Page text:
Thursday, December 26, 2013

Pittsburgh - The Good 2

Ok, more good things about Pittsburgh

  • The cost of living is cheap. I appreciate the ability to save money, pay down debt, travel more or shop more while I'm here. I don't feel as worried about money as I was in Chicago. More on watching my bottom line here.
  • As a generalization, the people are nice. Twilight zone nice. I speak to people in the mornings now. I talk to people on elevators. My coworker offered to take me to the airport on Christmas Eve and she lives at least 30 minutes away from me.
  • Things move slower (not to worry, this is also on the bad list) - Because no one's in a rush to do anything, this city breeds patience. I either have to be patient or be angry. No one else is going to understand my anger, so I've chosen patience. 10 minutes to get my coffee at Dunkin' Donuts, no problem. You paused before hitting the gas at a green light, no problem. There's an elderly woman working at Macy's who take's 15 minutes for one transaction, no problem.
  • They get most cultural things - When it comes to concerts and shows, they get most things here. Jay-Z was here. Justin came here. Drake stopped here first. I finally saw the Lion King here. I will probably go see Wicked Here.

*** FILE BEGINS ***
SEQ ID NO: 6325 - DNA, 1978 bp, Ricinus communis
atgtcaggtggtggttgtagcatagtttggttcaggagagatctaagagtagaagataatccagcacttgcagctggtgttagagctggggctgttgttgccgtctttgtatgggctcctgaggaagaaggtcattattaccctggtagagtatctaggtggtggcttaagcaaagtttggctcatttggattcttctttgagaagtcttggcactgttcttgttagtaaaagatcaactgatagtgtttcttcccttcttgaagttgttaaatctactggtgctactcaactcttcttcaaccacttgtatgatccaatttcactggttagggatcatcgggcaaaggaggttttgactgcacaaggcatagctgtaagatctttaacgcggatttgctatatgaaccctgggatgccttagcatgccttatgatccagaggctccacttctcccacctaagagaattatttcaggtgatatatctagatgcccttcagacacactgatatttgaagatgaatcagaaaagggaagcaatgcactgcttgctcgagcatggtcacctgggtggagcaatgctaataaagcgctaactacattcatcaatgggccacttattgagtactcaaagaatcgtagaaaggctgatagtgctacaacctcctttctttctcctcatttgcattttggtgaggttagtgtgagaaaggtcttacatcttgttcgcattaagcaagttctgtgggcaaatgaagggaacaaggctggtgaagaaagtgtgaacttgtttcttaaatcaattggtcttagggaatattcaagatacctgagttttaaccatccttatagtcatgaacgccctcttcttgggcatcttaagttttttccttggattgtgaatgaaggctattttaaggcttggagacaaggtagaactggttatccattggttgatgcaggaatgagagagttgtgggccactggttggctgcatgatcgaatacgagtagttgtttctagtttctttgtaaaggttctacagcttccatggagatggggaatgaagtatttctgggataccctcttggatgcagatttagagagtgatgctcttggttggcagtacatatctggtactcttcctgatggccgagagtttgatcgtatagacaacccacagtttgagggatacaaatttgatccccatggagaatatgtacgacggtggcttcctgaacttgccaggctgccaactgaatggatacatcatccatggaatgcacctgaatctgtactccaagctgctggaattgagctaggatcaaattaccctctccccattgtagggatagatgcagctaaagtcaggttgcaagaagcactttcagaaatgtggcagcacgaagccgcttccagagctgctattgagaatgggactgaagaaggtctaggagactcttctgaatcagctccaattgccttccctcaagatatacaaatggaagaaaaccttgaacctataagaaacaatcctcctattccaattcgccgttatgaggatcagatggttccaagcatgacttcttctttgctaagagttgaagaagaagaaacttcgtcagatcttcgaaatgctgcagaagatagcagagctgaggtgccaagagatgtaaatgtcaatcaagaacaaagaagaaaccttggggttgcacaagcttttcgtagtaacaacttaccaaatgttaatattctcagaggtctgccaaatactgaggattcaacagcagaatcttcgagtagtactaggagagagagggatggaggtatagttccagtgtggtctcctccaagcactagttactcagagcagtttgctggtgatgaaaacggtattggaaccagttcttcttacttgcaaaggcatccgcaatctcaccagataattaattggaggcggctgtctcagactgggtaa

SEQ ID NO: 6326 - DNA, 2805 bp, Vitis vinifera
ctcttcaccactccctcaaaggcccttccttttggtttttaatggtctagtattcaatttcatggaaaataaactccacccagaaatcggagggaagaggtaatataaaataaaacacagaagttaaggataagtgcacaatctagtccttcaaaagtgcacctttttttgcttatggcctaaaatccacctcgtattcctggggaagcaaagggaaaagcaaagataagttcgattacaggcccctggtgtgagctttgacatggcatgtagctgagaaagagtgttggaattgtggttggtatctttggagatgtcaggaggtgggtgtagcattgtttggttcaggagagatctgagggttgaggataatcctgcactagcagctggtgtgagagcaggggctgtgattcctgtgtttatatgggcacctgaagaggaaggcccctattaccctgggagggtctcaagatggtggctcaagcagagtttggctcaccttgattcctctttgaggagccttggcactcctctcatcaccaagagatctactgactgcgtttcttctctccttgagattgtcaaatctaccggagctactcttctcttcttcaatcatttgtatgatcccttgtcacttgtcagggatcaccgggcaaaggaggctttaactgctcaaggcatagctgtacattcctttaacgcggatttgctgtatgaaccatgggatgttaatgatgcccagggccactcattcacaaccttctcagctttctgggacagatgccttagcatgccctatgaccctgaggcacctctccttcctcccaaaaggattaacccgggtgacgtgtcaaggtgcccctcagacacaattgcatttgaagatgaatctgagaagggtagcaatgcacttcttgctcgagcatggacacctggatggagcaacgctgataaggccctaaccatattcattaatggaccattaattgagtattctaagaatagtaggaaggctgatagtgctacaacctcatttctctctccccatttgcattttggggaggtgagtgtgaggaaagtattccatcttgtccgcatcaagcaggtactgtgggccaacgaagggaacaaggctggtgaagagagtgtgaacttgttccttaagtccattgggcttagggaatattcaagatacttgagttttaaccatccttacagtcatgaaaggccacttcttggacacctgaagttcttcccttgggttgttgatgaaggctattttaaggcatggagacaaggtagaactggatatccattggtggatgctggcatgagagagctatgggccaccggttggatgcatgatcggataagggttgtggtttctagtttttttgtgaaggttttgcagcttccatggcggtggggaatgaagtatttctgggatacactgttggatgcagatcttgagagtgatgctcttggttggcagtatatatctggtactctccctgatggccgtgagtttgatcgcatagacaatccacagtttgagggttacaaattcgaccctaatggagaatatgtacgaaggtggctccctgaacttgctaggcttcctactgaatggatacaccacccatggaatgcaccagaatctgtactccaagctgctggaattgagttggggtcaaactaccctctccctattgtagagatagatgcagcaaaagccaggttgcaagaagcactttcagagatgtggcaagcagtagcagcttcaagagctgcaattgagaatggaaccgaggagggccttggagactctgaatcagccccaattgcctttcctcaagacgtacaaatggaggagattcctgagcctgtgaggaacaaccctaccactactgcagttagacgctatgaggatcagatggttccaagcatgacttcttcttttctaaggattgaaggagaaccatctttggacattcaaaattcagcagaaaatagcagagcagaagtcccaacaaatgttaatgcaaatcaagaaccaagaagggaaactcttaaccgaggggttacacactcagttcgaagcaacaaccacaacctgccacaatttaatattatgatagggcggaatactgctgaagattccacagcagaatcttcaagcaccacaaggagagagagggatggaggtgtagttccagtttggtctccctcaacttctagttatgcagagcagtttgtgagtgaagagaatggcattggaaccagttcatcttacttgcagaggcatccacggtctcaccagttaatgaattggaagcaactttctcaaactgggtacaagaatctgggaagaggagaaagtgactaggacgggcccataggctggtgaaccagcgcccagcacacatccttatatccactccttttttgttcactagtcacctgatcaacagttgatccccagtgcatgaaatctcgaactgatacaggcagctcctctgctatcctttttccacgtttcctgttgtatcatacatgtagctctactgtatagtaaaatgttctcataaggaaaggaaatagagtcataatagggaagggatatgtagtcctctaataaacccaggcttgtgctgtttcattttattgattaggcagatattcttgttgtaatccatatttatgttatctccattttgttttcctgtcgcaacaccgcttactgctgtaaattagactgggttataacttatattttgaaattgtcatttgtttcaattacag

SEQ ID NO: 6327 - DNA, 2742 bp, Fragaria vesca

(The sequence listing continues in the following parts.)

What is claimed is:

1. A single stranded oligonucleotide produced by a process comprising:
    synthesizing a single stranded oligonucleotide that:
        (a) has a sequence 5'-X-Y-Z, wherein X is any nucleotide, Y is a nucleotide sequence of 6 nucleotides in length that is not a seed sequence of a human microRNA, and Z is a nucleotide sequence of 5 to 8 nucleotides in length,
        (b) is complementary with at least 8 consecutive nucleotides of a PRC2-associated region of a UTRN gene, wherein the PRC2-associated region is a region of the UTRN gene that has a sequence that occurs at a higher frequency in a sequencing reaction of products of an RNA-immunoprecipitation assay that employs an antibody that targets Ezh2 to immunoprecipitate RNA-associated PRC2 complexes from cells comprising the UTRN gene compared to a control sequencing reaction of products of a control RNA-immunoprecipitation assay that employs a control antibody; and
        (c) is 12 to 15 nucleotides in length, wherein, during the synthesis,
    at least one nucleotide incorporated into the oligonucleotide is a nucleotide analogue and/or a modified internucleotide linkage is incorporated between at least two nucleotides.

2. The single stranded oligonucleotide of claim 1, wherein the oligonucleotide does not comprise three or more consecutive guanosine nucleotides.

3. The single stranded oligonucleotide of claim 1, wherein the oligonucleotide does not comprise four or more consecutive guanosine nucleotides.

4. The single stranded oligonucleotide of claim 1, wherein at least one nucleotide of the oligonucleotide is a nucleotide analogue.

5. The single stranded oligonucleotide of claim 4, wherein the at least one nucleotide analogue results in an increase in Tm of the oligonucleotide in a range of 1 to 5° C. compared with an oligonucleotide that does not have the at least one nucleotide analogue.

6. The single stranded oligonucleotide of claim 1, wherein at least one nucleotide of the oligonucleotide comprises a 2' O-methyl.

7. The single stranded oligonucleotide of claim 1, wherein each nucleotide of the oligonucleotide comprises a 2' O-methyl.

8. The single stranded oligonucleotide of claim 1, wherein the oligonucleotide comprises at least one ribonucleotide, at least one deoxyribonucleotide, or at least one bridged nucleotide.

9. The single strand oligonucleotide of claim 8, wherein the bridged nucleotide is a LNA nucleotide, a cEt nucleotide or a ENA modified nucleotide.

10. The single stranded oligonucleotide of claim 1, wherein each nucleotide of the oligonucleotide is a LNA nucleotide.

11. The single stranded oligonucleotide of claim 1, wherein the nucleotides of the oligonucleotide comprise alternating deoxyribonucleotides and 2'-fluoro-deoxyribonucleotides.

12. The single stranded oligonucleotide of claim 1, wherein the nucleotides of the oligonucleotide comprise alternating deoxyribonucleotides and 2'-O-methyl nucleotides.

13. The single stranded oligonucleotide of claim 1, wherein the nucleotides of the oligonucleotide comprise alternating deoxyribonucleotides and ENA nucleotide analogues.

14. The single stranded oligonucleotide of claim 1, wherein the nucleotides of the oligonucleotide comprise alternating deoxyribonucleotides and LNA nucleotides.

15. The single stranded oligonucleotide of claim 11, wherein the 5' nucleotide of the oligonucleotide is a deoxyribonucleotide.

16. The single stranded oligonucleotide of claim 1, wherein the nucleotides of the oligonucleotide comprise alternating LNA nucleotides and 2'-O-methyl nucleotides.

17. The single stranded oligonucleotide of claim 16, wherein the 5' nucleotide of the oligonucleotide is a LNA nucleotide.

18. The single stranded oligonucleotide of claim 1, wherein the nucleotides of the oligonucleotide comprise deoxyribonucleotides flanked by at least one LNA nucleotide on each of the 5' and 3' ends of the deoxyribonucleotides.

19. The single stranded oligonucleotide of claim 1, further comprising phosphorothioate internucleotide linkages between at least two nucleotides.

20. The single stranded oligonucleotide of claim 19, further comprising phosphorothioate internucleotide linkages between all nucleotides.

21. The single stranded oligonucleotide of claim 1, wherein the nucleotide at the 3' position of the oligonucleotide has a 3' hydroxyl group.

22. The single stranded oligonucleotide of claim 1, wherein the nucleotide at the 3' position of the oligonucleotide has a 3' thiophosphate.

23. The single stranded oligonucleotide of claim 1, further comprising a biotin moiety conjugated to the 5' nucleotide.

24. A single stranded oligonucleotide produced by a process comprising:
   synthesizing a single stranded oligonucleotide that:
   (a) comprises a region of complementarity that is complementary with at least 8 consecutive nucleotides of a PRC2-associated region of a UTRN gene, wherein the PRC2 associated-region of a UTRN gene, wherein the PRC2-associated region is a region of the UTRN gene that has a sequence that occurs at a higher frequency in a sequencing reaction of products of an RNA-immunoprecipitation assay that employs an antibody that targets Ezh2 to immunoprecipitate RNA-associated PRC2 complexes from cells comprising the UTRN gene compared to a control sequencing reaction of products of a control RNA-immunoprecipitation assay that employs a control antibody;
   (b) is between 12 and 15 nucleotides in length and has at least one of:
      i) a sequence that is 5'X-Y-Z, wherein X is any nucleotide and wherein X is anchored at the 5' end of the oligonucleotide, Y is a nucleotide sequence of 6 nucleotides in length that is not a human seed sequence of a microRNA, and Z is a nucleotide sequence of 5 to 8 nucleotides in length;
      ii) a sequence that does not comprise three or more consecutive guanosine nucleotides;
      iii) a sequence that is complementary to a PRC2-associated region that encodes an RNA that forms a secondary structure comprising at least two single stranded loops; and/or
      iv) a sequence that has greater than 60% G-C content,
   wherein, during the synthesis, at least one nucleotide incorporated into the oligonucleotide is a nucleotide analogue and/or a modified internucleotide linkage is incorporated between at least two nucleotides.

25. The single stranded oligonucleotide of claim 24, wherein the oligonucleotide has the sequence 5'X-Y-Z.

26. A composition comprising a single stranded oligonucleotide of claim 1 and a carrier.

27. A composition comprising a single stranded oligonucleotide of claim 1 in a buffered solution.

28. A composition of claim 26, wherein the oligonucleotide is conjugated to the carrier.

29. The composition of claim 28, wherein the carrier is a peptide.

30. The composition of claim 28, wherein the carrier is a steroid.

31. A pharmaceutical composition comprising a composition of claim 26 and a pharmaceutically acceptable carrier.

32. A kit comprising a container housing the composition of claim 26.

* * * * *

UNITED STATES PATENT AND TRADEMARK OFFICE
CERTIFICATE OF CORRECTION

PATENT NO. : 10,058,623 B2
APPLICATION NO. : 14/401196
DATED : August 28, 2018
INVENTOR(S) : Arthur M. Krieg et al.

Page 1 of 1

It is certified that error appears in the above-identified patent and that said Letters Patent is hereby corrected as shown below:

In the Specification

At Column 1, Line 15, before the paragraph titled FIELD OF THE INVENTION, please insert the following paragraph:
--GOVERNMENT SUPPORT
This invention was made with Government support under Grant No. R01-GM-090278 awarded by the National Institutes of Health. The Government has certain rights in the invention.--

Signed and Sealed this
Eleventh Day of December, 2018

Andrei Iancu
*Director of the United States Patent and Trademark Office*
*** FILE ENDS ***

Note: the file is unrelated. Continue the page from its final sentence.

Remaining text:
• The Improv - I love comedy. I've seen Bill Bellamy, Monique and Loni Love. Charlie Murphy and Bruce Bruce were here, but I couldn't make it for some reason or another. The most I've paid is $40 for Monique. Everyone else is like $10-$20.
  • The food - The food here is great. The portion sizes are astronomical and my waistline is not pleased, but my tastebuds are.
  • The activism - I've mentioned that I've been impressed with places like Urban League, Bethlehem Haven, United Way and Family House here. In Pittsburgh, I find that a lot o the organizations are not just giving handouts, they are providing resources that allow people to get back on their feet. They are also heavily invested in the research of what that takes and following through on those things. So many examples of this in my day-to-day life and that's the kind of place I want to live - where giving back is a lifestyle, not a fad.
  • The Access - Living in a smaller city gives you access at work, in dating, to celebrities, to whatever you want. It's not enough people here or places to go for people with notoriety, means or fame to separate themselves from the rest of us. Having access to those people, if used correctly, could give me insight into a better life. For example, Essence Beauty editor, Mikki Taylor did a one-on-one with like 30 people at a museum here. I could never get that close to her in New York or Chicago. (I couldn't go because I was out of town - likely in Chicago, but that's the kind of stuff that happens here and if I'm plugged enough to find out about it, it's really nice.)

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